Shady Surfing: Online Ads 182x More Likely than Adult Websites to Infect Your PC


You heard it right: According to a recent security report, Internet users are 182 times more likely to get a virus from clicking on online ads than visiting an adult website. At first glance, this sounds extremely counterintuitive (and it is). In theory, wouldn’t your risk go up when visiting shady sites?

Yes and no.

The bottom line is that the people who write malicious software are black market businessmen. It costs time and money to create an effective computer virus, and the creators are most interested in maximizing their return on investment. This means targeting websites that attract the most users, so a virus can reach the widest audience possible.

This does mean that some malware is still delivered through porn or counterfeit software sites. But as this study points out, malware writers are increasingly targeting high traffic mainstream websites, like search engines and online gaming sites. In the case of search engines, this allows criminals to leverage hot ticket news items to take advantage of a surge in keyword traffic. For example, a series of new exploits was discovered after Oracle issued a patch for its Java software in early January. Virus writers disguised their sites as a legitimate Java update website, so malicious content appeared in search results for anyone who typed in the terms “Java” or “Java update.”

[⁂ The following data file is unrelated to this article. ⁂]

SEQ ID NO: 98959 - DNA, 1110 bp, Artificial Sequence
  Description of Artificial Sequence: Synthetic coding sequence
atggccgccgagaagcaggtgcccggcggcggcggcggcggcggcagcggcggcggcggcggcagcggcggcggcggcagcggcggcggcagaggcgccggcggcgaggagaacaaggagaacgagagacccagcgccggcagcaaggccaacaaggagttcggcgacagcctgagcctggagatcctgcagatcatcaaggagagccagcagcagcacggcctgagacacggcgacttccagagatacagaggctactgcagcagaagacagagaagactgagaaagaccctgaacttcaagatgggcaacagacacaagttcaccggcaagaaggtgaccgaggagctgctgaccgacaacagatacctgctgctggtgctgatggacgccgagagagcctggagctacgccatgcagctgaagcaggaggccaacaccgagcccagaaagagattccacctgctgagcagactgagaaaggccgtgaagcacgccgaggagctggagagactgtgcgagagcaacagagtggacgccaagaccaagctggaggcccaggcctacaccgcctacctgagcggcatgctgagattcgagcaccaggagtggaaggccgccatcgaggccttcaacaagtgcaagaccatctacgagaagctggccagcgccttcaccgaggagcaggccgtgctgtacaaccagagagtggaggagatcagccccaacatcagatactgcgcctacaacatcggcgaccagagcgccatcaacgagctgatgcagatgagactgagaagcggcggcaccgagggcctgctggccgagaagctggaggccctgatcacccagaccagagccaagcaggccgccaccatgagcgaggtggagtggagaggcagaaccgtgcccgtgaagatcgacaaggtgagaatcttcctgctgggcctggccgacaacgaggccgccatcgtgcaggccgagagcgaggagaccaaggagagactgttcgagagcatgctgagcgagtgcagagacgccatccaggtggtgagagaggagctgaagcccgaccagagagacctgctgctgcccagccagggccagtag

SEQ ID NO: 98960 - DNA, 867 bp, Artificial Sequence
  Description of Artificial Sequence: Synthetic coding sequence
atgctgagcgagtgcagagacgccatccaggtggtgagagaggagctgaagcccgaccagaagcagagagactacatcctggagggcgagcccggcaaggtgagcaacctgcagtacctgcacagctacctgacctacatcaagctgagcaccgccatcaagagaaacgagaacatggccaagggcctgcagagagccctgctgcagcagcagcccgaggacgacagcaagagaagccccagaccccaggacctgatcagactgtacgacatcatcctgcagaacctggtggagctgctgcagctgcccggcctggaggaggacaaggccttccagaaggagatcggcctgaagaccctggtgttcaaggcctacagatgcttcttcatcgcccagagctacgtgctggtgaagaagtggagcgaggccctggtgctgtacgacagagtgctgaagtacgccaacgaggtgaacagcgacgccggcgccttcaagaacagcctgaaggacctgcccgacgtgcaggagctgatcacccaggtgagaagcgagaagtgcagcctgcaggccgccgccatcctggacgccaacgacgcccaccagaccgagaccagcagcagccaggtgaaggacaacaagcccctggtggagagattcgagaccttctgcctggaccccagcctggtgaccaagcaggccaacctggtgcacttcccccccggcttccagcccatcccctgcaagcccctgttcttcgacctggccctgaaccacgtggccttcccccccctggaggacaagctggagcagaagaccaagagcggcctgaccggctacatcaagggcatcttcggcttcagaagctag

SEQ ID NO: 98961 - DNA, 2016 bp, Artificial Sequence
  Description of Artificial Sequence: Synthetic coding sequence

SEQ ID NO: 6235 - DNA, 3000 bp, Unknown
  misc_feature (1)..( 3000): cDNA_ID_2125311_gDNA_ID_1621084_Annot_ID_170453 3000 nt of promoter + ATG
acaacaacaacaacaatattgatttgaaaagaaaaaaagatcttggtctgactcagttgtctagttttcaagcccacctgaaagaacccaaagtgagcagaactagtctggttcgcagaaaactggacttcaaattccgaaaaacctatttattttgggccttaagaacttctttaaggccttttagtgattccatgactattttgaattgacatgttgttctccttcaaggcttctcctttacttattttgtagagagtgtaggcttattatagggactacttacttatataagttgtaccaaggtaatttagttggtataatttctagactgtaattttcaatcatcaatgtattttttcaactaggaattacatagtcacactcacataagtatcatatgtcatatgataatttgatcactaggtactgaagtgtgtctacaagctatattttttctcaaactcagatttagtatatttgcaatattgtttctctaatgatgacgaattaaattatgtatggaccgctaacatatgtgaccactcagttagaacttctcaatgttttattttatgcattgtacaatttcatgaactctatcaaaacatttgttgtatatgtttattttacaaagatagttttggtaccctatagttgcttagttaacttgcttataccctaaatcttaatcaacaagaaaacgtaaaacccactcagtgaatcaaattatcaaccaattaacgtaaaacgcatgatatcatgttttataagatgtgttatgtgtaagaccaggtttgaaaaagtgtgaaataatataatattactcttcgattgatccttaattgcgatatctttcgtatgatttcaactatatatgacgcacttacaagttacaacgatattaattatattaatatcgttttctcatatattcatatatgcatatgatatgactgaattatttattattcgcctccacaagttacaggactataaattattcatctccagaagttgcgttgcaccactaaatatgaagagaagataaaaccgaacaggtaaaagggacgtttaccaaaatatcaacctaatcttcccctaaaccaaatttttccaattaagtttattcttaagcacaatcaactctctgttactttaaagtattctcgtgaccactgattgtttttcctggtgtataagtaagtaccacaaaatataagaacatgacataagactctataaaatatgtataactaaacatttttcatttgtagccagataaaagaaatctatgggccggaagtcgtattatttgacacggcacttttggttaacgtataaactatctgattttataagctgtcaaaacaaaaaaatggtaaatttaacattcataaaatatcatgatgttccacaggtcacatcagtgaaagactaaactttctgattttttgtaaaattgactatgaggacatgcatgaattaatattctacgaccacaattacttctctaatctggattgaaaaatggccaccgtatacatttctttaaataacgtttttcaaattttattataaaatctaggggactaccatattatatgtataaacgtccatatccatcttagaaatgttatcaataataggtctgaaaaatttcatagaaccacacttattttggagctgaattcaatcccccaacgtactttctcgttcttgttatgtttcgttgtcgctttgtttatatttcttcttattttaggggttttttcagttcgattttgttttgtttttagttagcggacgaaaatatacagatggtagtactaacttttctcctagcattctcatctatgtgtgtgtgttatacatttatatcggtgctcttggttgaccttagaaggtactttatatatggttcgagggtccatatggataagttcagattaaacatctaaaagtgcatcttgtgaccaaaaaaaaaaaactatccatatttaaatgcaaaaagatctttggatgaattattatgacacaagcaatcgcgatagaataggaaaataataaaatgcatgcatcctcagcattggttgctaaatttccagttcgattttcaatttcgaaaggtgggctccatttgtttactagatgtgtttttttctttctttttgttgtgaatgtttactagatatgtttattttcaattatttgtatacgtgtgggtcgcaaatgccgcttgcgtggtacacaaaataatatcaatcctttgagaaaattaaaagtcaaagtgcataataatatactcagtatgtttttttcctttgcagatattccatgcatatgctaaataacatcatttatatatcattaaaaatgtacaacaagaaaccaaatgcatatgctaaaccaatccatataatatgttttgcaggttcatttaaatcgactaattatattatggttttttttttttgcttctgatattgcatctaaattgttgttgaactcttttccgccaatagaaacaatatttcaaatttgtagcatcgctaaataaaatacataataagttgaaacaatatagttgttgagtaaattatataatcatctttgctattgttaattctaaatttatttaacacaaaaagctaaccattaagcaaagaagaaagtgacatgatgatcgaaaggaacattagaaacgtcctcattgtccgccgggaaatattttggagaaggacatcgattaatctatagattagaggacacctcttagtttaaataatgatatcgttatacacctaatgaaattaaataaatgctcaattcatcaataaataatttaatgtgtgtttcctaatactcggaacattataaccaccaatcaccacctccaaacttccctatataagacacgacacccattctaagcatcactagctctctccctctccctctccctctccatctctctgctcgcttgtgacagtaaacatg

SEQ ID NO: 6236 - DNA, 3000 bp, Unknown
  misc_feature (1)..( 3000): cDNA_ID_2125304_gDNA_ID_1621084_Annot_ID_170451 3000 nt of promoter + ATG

Sites most likely to deliver malicious content:

Wait, why aren’t these legitimate websites keeping me safe?

The unfortunate reality is that many websites make a living through third-party advertising, which is more easily compromised than the website itself. This means that the malicious content is not native to the website–it is hosted somewhere outside the website’s defenses.

On other top ranked sites, especially social networks, the problem lies within the links shared–not with the actual site. This means that a lot of the burden for keeping PCs and mobile devices safe is shifted from the people managing the sites to all of us as consumers, making it even more important that all of us keep our security software up-to-date.

A few additional best practices to keep in mind:

  1. Don’t Click That: Links in email, Tweets, Facebook posts, and online ads are the #1 way hackers distribute malicious content. Never click on a third-party ad on any site, and avoid clicking on links shared through social media even if you know the source.  You can also use McAfee SiteAdvisor software that comes with McAfee All Access (for your PC, Mac and Android devices) to stay one step ahead of malicious links, which adds rating information to your search results to identify risky sites.
  2. Stay Current: Regularly check trusted websites and blogs to stay up-to-date on the latest threats. Share new information with friends, family, and colleagues to help them to steer clear of new scams. One great way to stay ahead is by following McAfee on Twitter and Facebook, where we publish daily updates on trending security news and threat information.
  3. Report Criminal Activity: Always report stolen finances or identity theft to (the Internet Crime Complaint Center) or the Federal Trade Commission at

For more information on Cisco’s annual security report, you can read the full PDF version here. In addition, be sure to follow us on Facebook and on Twitter with @McAfeeConsumer to stay up-to-date on the latest threat information.

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